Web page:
I bought this DVD because I heard Toby Stephens played a good role in it; I had never seen it before last week. This film is very smart, subtle, touching, and thought-provoking. It is based on the novel by Alexander Pushkin. It was directed by Martha Fiennes (Ralph’s sister) and has some creative/unusual shots. The cinematography is simple gorgeous, as are the locations, sets and costumes (which make the actors stand up straighter and creates elegant lines).
Eugene Onegin (Fiennes) is a wealthy playboy from St. Petersburg, Russia. He is bored with his urban life: costly mistress, social obligations, and frivolous friends. Onegin inherits a huge country estate after his elderly uncle dies, and he ventures out of the city to have a look at the place.
Onegin, the brooding/pessimistic aristocrat, makes friends with Lensky (Toby Stephens), an optimistic/energetic/naive country gent with dreams of becoming a poet. Though the men are polar opposites, they are both well-educated and neighbors. Lensky has long been in love with Olga (Lena Headey), a conventional girl who dreams of city life. But Olga’s younger sister Tatyana (Liv Tyler) is the girl who intrigues Onegin.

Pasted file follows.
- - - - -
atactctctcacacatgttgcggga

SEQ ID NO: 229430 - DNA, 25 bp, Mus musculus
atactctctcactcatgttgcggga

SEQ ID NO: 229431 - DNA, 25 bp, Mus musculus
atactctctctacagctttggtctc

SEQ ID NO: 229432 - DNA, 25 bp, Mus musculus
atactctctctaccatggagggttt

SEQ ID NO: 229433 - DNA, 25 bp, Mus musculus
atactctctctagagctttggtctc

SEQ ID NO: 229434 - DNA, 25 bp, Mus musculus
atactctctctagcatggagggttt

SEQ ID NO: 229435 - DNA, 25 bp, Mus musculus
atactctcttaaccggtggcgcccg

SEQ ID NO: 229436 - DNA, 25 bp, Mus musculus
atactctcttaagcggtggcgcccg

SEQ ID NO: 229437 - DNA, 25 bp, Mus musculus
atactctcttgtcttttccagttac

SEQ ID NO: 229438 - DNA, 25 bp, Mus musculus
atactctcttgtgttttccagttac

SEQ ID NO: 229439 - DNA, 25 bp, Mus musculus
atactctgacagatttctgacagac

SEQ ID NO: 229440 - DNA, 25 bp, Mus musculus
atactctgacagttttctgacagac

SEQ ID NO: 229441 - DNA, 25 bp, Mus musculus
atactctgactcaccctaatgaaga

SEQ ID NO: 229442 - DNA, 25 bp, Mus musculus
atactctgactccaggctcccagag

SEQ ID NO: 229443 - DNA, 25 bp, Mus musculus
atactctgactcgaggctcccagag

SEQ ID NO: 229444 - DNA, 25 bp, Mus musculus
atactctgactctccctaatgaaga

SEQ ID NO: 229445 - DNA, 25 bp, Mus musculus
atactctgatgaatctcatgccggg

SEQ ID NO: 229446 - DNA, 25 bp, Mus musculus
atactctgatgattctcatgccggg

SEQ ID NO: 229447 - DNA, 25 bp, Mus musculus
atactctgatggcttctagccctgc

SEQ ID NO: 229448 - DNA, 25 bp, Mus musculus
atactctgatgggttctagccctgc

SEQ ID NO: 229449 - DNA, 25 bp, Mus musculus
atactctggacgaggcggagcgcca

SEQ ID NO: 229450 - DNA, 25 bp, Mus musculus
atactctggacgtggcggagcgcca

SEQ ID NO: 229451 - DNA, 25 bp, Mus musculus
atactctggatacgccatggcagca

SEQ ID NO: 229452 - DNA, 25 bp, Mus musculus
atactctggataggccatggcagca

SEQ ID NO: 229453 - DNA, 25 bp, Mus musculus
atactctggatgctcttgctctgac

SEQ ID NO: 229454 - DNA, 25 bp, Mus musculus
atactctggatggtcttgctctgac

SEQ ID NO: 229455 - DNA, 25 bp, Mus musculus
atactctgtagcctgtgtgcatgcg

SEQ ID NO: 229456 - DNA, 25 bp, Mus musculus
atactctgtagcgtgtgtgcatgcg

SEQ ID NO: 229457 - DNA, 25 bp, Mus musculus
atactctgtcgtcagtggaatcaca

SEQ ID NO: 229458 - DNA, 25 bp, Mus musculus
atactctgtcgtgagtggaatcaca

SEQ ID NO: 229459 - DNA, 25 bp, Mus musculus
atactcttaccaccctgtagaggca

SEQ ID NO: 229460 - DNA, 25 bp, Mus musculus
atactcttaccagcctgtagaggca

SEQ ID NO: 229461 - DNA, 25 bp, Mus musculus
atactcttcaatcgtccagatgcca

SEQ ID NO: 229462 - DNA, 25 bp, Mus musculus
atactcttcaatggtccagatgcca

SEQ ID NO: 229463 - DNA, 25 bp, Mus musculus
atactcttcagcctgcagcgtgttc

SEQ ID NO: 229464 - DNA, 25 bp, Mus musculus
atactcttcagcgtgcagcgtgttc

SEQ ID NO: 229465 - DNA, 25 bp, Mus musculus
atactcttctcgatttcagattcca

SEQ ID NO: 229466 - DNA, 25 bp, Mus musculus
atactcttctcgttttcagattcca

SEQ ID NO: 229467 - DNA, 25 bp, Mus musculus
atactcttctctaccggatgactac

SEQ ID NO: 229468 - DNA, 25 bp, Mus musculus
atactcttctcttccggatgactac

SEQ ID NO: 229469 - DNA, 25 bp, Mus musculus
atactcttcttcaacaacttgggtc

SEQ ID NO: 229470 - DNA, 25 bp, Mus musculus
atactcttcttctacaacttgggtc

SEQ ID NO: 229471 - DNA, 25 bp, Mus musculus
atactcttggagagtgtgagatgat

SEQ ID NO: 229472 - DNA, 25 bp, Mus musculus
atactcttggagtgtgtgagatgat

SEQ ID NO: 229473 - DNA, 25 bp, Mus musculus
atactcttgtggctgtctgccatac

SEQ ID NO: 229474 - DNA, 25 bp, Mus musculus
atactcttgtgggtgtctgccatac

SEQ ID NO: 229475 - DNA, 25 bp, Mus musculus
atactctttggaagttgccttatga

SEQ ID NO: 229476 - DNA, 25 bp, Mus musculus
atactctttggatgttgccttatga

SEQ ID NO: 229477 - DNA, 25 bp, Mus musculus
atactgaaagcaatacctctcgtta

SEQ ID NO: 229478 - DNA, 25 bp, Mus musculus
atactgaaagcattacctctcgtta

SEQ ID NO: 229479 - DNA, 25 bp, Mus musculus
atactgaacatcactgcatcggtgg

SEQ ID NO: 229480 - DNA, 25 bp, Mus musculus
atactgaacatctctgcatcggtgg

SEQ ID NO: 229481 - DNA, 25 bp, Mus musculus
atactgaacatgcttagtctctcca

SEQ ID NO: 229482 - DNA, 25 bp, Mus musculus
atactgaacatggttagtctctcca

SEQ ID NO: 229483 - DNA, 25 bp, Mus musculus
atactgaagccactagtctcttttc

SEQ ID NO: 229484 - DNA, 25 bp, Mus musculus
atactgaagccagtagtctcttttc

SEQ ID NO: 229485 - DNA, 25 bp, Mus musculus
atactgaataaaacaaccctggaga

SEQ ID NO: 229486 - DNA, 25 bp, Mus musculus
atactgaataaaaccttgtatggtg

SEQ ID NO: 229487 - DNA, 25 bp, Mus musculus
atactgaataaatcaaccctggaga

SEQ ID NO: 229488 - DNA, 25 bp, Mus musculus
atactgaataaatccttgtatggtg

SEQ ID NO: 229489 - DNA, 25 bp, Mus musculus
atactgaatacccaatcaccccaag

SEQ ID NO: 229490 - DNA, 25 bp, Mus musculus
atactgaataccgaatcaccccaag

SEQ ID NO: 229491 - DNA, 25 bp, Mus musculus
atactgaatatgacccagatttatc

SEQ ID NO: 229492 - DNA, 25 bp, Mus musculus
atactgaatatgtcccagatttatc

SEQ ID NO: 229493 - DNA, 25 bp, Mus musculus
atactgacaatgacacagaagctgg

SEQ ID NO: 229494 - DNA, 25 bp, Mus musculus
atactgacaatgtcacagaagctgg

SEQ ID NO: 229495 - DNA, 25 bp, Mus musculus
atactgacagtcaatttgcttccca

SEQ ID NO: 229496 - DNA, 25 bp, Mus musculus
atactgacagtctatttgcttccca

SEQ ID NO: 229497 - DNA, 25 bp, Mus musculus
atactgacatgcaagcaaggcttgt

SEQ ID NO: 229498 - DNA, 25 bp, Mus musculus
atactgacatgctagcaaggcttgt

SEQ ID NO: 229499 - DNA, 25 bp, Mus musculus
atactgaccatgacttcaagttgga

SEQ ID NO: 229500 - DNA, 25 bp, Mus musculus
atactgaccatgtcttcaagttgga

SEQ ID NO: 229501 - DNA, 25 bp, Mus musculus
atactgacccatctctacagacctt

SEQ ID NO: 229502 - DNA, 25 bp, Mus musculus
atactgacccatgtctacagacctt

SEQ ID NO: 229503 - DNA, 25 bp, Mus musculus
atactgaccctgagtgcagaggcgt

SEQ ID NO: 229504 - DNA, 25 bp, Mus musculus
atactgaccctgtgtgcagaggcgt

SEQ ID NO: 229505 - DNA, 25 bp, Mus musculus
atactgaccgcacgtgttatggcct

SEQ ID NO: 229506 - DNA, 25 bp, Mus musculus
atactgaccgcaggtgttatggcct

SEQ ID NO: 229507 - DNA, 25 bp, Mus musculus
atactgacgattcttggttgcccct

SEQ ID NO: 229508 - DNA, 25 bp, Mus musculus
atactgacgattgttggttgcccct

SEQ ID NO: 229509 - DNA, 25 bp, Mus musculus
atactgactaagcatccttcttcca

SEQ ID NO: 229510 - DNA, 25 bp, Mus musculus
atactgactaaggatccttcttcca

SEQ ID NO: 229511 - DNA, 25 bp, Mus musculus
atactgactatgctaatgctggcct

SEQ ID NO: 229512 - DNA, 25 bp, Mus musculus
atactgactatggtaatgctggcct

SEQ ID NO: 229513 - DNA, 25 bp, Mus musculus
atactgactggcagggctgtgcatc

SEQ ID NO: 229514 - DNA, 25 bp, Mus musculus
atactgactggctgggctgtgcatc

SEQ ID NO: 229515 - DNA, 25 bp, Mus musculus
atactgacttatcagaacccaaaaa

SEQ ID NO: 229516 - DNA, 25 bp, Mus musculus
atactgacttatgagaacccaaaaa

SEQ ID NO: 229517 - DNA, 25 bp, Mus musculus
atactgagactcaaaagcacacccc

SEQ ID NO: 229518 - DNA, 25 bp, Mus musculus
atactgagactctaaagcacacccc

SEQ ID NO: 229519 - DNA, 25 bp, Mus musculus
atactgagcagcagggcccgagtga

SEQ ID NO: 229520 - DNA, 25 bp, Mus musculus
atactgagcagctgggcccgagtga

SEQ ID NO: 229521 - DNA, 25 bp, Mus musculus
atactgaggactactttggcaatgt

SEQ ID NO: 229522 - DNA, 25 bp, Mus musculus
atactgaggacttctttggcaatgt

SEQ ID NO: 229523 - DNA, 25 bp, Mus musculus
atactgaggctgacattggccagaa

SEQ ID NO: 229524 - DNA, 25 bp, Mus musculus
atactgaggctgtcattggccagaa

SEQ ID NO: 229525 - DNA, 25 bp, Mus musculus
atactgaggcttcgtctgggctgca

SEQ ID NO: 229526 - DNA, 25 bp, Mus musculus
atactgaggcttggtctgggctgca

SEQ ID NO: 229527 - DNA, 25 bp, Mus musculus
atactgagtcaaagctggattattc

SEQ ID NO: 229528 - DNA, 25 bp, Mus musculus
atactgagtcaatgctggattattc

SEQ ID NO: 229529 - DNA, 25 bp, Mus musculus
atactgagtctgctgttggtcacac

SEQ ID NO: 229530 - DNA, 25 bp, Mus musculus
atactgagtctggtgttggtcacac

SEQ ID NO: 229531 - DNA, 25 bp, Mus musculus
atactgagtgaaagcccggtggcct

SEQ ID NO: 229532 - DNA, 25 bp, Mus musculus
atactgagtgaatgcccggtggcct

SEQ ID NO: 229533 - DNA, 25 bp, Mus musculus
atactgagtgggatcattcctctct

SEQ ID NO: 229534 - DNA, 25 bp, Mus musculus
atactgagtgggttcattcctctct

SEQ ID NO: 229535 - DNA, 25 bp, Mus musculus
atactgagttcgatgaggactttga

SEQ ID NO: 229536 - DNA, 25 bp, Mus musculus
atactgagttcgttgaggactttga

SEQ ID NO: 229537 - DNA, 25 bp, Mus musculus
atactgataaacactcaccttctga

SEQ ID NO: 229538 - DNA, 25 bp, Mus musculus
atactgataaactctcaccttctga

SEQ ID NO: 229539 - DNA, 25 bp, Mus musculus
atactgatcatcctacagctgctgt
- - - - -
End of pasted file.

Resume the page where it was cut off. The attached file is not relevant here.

It is soon obvious that the impressionable Tatyana has fallen in love with Onegin, or in love with who she thinks he is. She borrows books from his library, and expresses modern opinions (much to the changrin of her widowed mother). One night, Tatyana pores out her heart in a letter to Onegin, unable to keep her feelings boxed up (as social convention dictates). How will the seemingly cool-headed Onegin react? Can he return her feelings? Watch to find out!
Ralph Fiennes, an internal actor, quickly disappears into his role of the dissatisfied Onegin. Toby Stephens provides a refreshing counterbalance to Onegin. Liv Tyler gives a terrific performance, proving that some actors don’t need to study for years to create fine characters. They just have the “it” factor!
A clip from Onegin:
More about the movie:
About the book Eugene Onegin by Alexander Pushkin: